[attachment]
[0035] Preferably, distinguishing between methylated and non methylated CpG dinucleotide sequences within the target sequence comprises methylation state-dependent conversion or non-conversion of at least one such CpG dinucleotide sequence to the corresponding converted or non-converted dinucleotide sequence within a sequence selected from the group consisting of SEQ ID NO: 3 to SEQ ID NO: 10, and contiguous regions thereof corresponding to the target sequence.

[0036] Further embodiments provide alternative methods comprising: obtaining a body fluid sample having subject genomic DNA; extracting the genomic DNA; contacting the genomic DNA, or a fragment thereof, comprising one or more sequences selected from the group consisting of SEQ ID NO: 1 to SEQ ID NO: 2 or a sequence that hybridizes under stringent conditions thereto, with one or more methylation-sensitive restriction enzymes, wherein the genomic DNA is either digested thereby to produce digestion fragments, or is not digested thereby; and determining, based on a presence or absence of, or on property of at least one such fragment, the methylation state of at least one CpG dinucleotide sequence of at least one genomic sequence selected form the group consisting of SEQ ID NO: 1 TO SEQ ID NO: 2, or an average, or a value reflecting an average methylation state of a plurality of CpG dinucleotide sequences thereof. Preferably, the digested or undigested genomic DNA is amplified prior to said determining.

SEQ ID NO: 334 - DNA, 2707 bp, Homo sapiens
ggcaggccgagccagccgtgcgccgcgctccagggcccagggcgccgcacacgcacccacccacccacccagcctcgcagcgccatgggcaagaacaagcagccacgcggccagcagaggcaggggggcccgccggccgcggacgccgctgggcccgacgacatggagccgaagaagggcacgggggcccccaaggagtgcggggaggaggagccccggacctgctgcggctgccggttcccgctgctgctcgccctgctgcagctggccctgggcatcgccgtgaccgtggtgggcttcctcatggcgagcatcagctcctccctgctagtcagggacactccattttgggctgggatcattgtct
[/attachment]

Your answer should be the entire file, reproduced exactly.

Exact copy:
[0035] Preferably, distinguishing between methylated and non methylated CpG dinucleotide sequences within the target sequence comprises methylation state-dependent conversion or non-conversion of at least one such CpG dinucleotide sequence to the corresponding converted or non-converted dinucleotide sequence within a sequence selected from the group consisting of SEQ ID NO: 3 to SEQ ID NO: 10, and contiguous regions thereof corresponding to the target sequence.

[0036] Further embodiments provide alternative methods comprising: obtaining a body fluid sample having subject genomic DNA; extracting the genomic DNA; contacting the genomic DNA, or a fragment thereof, comprising one or more sequences selected from the group consisting of SEQ ID NO: 1 to SEQ ID NO: 2 or a sequence that hybridizes under stringent conditions thereto, with one or more methylation-sensitive restriction enzymes, wherein the genomic DNA is either digested thereby to produce digestion fragments, or is not digested thereby; and determining, based on a presence or absence of, or on property of at least one such fragment, the methylation state of at least one CpG dinucleotide sequence of at least one genomic sequence selected form the group consisting of SEQ ID NO: 1 TO SEQ ID NO: 2, or an average, or a value reflecting an average methylation state of a plurality of CpG dinucleotide sequences thereof. Preferably, the digested or undigested genomic DNA is amplified prior to said determining.

SEQ ID NO: 334 - DNA, 2707 bp, Homo sapiens
ggcaggccgagccagccgtgcgccgcgctccagggcccagggcgccgcacacgcacccacccacccacccagcctcgcagcgccatgggcaagaacaagcagccacgcggccagcagaggcaggggggcccgccggccgcggacgccgctgggcccgacgacatggagccgaagaagggcacgggggcccccaaggagtgcggggaggaggagccccggacctgctgcggctgccggttcccgctgctgctcgccctgctgcagctggccctgggcatcgccgtgaccgtggtgggcttcctcatggcgagcatcagctcctccctgctagtcagggacactccattttgggctgggatcattgtct